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Samandan Karkat Edathil Rayarappan Nambiar Vs. Malikandi Aketh Mayan - Court Judgment

LegalCrystal Citation
SubjectProperty;Limitation
CourtChennai
Decided On
Reported inAIR1914Mad297(2); (1914)26MLJ267
AppellantSamandan Karkat Edathil Rayarappan Nambiar
RespondentMalikandi Aketh Mayan
Cases ReferredSee Khiarajmal v. Daim I.L.R.
Excerpt:
- - if the sale is a nullity so far as he is concerned, then the application is clearly not barred......of his decree. the appellant now applies in effect to be made a party and to set aside the sale on payment to the plaintiff of the amount due to him under the decree. he also alleged fraud. the lower courts hold that the application is barred by limitation. if the sale is a nullity so far as he is concerned, then the application is clearly not barred. according to the decisions of this court, ramasami v. bagirathi i.l.r. (1883) m. 180 krishnayya v. unnissa begam i.l.r. (1891) m. 399 and groves v. administrator-general i.l.r. (1891) mad. 119 the omission to bring the representatives on record is not a mere irregularity. it renders the sale a nullity against the representatives of the judgment-debtor. but it is contended that these decisions have been overruled by the privy.....
Judgment:

1. The plaintiff in O.S. No. 590 of 1903 obtained a decree on his hypothecation deed for the sale of the properties mortgaged against the mortgagor and the appellant's predecessor-in-title who was a puisne mortgagee. The puisne mortgagee purchased the mortgagor's interest in a Judicial sale in execution of a decree obtained by him to which the plaintiff was a party. The mortgagee-judgment-debtor in O.S. No. 590 of 1903 died and without bringing his representatives on record the plaintiff got the properties sold in execution of his decree. The appellant now applies in effect to be made a party and to set aside the sale on payment to the plaintiff of the amount due to him under the decree. He also alleged fraud. The Lower Courts hold that the application is barred by limitation. If the sale is a nullity so far as he is concerned, then the application is clearly not barred. According to the decisions of this Court, Ramasami v. Bagirathi I.L.R. (1883) M. 180 Krishnayya v. Unnissa Begam I.L.R. (1891) M. 399 and Groves v. Administrator-General I.L.R. (1891) Mad. 119 the omission to bring the representatives on record is not a mere irregularity. It renders the sale a nullity against the representatives of the judgment-debtor. But it is contended that these decisions have been overruled by the Privy Council, See Malkarjun v. Narhari I.L.R. (1900) B. 337. In that case however there was an order passed by the Court executing the decree directing a person to be brought on record as the representative of the deceased judgment debtor. The fact that the decision was afterwards found to be erroneous and the true representatives were not brought on record was held not to be sufficient to set aside the sale against a bona fide purchaser. See Khiarajmal v. Daim I.L.R. (1904) C. 296. In this case it may also be pointed out that the decree holder was the purchaser and he had notice of the death of his judgment debtor. We are therefore unable to hold that the Madras Cases are no longer of any authority.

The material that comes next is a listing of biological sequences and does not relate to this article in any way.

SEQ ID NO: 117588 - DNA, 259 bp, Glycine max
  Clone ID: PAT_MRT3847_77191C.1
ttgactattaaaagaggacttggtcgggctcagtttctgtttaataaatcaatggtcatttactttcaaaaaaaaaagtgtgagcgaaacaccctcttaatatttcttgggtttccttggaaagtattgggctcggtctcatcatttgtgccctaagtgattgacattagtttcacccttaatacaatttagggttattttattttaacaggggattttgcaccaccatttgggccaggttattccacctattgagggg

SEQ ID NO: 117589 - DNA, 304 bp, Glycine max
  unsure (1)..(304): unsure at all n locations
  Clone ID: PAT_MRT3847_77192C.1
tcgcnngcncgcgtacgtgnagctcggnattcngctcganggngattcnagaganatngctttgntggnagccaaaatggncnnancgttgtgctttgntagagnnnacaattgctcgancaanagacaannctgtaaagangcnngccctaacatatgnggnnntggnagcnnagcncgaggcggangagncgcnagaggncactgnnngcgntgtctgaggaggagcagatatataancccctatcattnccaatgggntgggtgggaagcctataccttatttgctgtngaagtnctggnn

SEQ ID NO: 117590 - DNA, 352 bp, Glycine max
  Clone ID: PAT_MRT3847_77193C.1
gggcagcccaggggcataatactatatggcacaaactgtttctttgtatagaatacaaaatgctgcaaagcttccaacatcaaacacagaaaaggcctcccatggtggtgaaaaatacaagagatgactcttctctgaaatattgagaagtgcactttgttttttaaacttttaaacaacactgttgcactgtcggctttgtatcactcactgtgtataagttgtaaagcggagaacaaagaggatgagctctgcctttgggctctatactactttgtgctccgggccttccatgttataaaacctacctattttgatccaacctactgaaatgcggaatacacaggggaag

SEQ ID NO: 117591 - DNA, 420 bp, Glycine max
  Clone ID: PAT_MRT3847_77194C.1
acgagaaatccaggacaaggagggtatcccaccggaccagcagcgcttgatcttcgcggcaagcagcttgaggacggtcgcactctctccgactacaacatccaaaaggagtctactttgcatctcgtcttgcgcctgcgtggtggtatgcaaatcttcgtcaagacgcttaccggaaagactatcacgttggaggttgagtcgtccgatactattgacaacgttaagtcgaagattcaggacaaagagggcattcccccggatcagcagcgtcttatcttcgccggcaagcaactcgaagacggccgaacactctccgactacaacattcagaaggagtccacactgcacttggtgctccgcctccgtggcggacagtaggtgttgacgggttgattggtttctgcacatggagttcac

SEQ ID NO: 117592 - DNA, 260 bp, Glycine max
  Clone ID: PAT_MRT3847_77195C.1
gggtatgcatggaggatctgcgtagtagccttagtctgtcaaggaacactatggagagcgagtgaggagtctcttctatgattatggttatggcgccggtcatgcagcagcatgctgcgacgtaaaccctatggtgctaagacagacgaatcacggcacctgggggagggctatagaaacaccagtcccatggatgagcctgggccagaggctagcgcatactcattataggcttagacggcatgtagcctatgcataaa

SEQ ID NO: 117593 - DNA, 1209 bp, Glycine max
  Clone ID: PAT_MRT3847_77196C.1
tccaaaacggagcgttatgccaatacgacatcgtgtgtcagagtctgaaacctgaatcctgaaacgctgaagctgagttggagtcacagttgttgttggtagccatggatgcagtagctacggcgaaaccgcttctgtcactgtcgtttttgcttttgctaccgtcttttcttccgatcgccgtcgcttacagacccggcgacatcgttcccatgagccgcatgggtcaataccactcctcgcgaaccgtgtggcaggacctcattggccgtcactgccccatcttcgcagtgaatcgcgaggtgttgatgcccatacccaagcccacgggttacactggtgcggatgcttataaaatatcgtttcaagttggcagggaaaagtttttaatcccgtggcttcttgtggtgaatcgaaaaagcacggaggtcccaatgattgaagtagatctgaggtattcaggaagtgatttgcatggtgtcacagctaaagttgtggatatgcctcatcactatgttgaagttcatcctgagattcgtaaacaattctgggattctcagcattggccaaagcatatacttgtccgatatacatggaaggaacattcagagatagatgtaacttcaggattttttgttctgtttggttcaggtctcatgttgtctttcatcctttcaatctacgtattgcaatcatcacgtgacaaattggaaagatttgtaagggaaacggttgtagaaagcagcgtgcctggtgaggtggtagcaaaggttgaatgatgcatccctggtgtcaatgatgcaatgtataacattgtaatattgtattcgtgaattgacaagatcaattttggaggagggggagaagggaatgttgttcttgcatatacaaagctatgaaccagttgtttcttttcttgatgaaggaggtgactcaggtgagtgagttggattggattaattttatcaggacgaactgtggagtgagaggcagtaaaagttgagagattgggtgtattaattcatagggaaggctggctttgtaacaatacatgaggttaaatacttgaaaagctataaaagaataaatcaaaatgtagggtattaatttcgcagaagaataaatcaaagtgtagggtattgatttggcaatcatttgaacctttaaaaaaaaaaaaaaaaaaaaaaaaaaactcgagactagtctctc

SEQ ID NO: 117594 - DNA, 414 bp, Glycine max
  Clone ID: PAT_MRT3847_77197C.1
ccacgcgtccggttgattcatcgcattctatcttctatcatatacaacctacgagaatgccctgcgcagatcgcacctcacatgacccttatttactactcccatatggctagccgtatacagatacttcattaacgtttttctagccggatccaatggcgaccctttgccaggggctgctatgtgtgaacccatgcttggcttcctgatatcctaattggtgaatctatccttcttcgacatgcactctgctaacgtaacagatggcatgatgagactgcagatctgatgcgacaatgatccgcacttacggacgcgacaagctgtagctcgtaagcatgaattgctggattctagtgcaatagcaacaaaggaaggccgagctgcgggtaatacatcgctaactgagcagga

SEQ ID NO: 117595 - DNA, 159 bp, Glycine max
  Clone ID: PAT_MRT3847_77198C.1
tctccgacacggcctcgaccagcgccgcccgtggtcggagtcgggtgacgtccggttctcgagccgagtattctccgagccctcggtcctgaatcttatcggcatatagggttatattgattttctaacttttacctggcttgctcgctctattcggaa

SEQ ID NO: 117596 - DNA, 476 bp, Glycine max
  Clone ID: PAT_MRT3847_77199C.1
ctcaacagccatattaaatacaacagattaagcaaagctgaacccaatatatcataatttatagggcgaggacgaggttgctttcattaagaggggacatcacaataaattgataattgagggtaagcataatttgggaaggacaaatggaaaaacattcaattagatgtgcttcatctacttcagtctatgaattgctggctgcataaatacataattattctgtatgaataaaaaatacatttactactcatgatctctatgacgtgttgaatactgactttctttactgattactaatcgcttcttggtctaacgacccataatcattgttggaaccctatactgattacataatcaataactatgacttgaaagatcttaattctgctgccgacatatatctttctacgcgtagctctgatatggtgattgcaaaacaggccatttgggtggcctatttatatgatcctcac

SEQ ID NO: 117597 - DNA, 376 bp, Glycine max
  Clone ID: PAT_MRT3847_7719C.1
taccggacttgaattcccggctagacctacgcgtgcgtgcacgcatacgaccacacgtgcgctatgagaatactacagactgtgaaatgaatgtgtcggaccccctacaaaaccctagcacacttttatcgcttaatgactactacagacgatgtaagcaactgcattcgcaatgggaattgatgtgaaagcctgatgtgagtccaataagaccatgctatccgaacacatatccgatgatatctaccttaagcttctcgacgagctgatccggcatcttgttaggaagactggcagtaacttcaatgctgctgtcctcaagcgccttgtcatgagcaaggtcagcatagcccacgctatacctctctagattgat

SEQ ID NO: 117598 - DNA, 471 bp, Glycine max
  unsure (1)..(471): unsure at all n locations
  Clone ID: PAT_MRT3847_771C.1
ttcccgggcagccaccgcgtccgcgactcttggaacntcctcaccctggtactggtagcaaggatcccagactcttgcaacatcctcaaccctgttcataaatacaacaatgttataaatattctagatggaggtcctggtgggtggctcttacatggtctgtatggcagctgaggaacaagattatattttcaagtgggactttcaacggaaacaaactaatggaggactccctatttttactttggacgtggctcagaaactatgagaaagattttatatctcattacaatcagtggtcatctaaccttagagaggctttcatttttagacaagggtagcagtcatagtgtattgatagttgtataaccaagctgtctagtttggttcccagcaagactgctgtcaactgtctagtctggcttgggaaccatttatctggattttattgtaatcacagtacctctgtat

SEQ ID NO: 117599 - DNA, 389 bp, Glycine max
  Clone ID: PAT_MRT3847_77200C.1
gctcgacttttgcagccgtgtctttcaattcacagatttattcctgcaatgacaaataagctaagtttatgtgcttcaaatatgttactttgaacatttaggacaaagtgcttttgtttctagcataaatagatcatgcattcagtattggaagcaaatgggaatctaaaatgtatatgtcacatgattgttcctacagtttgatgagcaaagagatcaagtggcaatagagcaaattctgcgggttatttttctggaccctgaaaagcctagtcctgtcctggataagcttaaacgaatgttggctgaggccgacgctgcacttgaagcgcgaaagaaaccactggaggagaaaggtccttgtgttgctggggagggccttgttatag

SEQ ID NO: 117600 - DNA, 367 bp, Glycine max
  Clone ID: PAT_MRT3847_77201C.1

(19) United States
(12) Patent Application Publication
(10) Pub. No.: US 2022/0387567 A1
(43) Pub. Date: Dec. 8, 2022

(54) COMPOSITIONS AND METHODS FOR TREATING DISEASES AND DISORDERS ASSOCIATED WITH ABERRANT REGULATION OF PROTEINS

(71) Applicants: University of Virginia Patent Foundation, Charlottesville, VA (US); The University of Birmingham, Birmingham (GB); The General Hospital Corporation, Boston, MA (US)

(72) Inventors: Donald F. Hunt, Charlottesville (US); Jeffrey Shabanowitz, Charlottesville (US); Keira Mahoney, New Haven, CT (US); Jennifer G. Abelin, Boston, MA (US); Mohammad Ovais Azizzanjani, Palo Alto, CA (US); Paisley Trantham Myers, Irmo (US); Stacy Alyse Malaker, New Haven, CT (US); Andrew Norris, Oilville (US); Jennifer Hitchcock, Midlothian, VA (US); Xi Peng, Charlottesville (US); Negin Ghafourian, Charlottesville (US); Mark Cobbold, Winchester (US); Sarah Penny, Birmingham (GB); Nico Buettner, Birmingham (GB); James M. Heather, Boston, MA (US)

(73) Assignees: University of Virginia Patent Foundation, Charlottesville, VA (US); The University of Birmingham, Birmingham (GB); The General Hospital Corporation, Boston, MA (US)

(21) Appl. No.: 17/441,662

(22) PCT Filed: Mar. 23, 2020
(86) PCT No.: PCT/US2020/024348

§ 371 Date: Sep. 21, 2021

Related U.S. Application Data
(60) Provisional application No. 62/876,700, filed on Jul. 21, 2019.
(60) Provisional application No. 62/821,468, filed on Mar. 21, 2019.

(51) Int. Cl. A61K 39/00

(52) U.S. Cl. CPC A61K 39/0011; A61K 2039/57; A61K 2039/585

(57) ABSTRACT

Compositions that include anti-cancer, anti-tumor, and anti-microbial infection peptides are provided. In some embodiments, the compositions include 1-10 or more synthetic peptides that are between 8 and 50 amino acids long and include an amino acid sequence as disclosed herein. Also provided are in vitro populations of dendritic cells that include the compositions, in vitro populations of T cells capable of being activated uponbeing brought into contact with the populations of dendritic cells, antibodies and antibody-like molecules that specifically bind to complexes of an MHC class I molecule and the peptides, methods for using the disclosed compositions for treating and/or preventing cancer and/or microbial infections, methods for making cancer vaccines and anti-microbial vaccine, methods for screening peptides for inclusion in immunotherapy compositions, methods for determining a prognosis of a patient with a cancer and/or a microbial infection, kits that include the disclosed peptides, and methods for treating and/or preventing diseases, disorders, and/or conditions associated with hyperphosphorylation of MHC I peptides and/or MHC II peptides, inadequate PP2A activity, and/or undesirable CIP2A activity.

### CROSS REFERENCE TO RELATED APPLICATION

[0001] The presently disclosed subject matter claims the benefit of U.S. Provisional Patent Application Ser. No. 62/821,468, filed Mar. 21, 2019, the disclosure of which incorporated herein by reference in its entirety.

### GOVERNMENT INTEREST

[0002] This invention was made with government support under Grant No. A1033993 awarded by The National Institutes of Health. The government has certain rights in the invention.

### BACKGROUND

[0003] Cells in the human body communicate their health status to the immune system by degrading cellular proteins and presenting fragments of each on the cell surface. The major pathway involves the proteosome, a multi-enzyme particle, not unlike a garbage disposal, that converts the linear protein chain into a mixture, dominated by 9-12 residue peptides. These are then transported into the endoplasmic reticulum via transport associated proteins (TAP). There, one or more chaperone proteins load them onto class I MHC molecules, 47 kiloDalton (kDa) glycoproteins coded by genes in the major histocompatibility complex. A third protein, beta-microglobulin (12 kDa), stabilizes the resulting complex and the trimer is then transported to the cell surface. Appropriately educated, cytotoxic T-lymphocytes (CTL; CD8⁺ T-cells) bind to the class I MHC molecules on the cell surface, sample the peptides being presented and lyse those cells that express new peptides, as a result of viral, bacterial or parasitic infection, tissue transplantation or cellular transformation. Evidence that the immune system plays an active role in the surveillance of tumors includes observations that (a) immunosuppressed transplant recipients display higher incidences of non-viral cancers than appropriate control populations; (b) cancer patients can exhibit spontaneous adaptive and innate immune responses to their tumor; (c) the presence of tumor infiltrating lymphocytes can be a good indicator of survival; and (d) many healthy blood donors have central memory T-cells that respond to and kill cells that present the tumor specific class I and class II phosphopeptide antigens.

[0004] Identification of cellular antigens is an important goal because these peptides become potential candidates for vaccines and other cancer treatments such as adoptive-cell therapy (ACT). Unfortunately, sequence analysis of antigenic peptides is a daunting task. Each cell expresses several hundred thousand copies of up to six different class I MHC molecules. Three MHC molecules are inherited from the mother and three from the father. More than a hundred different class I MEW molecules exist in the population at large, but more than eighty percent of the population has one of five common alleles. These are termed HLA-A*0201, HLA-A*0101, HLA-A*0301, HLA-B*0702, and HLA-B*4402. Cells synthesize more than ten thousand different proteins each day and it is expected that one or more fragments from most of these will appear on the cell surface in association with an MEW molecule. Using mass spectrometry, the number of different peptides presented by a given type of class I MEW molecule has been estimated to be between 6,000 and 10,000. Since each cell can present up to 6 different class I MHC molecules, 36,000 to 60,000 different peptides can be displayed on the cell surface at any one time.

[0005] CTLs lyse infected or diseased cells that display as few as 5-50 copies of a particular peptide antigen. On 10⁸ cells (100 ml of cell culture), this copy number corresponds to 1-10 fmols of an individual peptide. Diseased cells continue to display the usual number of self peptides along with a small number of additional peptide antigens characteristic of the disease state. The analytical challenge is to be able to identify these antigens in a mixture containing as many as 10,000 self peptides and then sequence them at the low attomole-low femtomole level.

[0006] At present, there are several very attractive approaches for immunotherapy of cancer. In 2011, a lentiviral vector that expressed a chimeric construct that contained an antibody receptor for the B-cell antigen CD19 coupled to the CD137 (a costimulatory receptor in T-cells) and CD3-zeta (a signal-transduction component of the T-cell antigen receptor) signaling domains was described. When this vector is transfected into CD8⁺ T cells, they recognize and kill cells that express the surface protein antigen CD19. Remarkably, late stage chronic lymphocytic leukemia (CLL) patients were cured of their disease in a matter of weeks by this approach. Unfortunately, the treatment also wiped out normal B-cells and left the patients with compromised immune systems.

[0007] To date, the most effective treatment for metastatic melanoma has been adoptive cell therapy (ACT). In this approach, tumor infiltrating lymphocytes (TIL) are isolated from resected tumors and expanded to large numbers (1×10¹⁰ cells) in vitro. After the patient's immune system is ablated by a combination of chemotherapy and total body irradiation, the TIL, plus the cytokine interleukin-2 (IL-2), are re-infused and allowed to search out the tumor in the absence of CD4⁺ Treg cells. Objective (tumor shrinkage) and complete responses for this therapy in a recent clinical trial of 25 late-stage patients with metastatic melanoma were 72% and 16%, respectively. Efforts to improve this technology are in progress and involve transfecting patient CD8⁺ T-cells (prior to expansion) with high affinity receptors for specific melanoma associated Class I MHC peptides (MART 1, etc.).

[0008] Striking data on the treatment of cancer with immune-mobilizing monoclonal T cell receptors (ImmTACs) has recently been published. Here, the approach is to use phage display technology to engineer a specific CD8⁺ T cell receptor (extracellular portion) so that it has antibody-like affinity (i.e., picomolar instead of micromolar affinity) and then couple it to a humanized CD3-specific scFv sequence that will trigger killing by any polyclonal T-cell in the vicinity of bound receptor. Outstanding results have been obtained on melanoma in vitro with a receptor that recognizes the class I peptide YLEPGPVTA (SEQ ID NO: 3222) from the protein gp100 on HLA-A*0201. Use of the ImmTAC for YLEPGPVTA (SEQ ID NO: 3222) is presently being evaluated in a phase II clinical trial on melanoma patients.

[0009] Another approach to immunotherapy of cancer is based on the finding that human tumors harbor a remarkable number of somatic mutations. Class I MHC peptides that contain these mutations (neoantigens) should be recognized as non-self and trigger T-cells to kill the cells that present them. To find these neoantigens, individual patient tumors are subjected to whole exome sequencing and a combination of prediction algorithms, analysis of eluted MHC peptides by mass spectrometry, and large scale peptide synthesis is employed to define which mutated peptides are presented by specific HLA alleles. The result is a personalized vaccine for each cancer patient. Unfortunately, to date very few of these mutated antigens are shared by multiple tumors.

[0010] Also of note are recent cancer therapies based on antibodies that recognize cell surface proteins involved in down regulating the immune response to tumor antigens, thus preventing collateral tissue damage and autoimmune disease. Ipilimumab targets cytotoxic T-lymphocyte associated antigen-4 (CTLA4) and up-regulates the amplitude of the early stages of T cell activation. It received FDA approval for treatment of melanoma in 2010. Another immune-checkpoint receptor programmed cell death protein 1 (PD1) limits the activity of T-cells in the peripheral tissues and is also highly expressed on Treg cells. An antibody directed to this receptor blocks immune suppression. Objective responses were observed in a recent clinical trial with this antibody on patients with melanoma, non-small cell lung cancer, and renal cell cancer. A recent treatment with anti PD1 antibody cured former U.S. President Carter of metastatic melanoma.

2. The appellant therefore will be placed on record as the representative of his Karnavan and on payment of the amount due to the decree holder, the sale will be set aside. The appellant is entitled to the costs in this and the Lower Appellate Court. The Costs in the first Court will be provided for in the final order.


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